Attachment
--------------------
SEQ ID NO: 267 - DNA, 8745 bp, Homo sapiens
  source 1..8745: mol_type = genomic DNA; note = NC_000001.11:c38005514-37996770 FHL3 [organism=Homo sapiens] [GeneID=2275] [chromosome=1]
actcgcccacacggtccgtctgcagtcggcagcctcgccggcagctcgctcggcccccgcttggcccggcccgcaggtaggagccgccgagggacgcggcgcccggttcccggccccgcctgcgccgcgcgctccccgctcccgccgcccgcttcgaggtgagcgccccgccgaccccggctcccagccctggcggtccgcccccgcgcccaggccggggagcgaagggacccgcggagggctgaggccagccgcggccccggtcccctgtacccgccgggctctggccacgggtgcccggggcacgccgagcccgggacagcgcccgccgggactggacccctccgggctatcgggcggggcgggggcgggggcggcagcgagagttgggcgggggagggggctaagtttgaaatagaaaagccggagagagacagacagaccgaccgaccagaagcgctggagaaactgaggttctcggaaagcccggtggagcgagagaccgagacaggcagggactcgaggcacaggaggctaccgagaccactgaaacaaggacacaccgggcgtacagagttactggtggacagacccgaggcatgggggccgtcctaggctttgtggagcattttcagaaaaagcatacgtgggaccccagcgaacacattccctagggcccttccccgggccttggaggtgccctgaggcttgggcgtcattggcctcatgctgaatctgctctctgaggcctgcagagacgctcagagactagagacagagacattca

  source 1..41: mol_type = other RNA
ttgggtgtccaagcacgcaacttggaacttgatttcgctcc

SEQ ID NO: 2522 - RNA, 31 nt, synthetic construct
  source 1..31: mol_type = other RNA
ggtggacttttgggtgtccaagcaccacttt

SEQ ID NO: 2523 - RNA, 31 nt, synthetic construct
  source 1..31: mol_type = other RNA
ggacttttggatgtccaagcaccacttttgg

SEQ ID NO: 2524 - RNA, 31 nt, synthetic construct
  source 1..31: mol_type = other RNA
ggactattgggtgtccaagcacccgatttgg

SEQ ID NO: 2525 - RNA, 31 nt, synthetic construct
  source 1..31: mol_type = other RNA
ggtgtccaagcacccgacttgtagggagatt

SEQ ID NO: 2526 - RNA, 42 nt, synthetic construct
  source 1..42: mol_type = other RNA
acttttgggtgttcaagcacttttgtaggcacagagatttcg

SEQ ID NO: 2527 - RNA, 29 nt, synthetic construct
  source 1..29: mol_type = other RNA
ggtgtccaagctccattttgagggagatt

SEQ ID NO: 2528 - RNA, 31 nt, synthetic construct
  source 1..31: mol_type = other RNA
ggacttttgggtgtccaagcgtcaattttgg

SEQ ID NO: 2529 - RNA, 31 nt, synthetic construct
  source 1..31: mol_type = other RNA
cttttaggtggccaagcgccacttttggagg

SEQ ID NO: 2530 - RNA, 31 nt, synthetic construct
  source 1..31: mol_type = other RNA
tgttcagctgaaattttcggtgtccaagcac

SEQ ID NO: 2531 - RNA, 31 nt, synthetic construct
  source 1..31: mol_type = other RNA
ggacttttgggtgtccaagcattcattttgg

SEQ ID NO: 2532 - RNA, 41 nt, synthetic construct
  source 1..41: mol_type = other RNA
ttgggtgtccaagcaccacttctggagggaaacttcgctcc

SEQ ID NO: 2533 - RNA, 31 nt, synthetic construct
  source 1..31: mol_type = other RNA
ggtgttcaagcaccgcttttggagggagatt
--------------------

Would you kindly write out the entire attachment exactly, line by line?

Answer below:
SEQ ID NO: 267 - DNA, 8745 bp, Homo sapiens
  source 1..8745: mol_type = genomic DNA; note = NC_000001.11:c38005514-37996770 FHL3 [organism=Homo sapiens] [GeneID=2275] [chromosome=1]
actcgcccacacggtccgtctgcagtcggcagcctcgccggcagctcgctcggcccccgcttggcccggcccgcaggtaggagccgccgagggacgcggcgcccggttcccggccccgcctgcgccgcgcgctccccgctcccgccgcccgcttcgaggtgagcgccccgccgaccccggctcccagccctggcggtccgcccccgcgcccaggccggggagcgaagggacccgcggagggctgaggccagccgcggccccggtcccctgtacccgccgggctctggccacgggtgcccggggcacgccgagcccgggacagcgcccgccgggactggacccctccgggctatcgggcggggcgggggcgggggcggcagcgagagttgggcgggggagggggctaagtttgaaatagaaaagccggagagagacagacagaccgaccgaccagaagcgctggagaaactgaggttctcggaaagcccggtggagcgagagaccgagacaggcagggactcgaggcacaggaggctaccgagaccactgaaacaaggacacaccgggcgtacagagttactggtggacagacccgaggcatgggggccgtcctaggctttgtggagcattttcagaaaaagcatacgtgggaccccagcgaacacattccctagggcccttccccgggccttggaggtgccctgaggcttgggcgtcattggcctcatgctgaatctgctctctgaggcctgcagagacgctcagagactagagacagagacattca

  source 1..41: mol_type = other RNA
ttgggtgtccaagcacgcaacttggaacttgatttcgctcc

SEQ ID NO: 2522 - RNA, 31 nt, synthetic construct
  source 1..31: mol_type = other RNA
ggtggacttttgggtgtccaagcaccacttt

SEQ ID NO: 2523 - RNA, 31 nt, synthetic construct
  source 1..31: mol_type = other RNA
ggacttttggatgtccaagcaccacttttgg

SEQ ID NO: 2524 - RNA, 31 nt, synthetic construct
  source 1..31: mol_type = other RNA
ggactattgggtgtccaagcacccgatttgg

SEQ ID NO: 2525 - RNA, 31 nt, synthetic construct
  source 1..31: mol_type = other RNA
ggtgtccaagcacccgacttgtagggagatt

SEQ ID NO: 2526 - RNA, 42 nt, synthetic construct
  source 1..42: mol_type = other RNA
acttttgggtgttcaagcacttttgtaggcacagagatttcg

SEQ ID NO: 2527 - RNA, 29 nt, synthetic construct
  source 1..29: mol_type = other RNA
ggtgtccaagctccattttgagggagatt

SEQ ID NO: 2528 - RNA, 31 nt, synthetic construct
  source 1..31: mol_type = other RNA
ggacttttgggtgtccaagcgtcaattttgg

SEQ ID NO: 2529 - RNA, 31 nt, synthetic construct
  source 1..31: mol_type = other RNA
cttttaggtggccaagcgccacttttggagg

SEQ ID NO: 2530 - RNA, 31 nt, synthetic construct
  source 1..31: mol_type = other RNA
tgttcagctgaaattttcggtgtccaagcac

SEQ ID NO: 2531 - RNA, 31 nt, synthetic construct
  source 1..31: mol_type = other RNA
ggacttttgggtgtccaagcattcattttgg

SEQ ID NO: 2532 - RNA, 41 nt, synthetic construct
  source 1..41: mol_type = other RNA
ttgggtgtccaagcaccacttctggagggaaacttcgctcc

SEQ ID NO: 2533 - RNA, 31 nt, synthetic construct
  source 1..31: mol_type = other RNA
ggtgttcaagcaccgcttttggagggagatt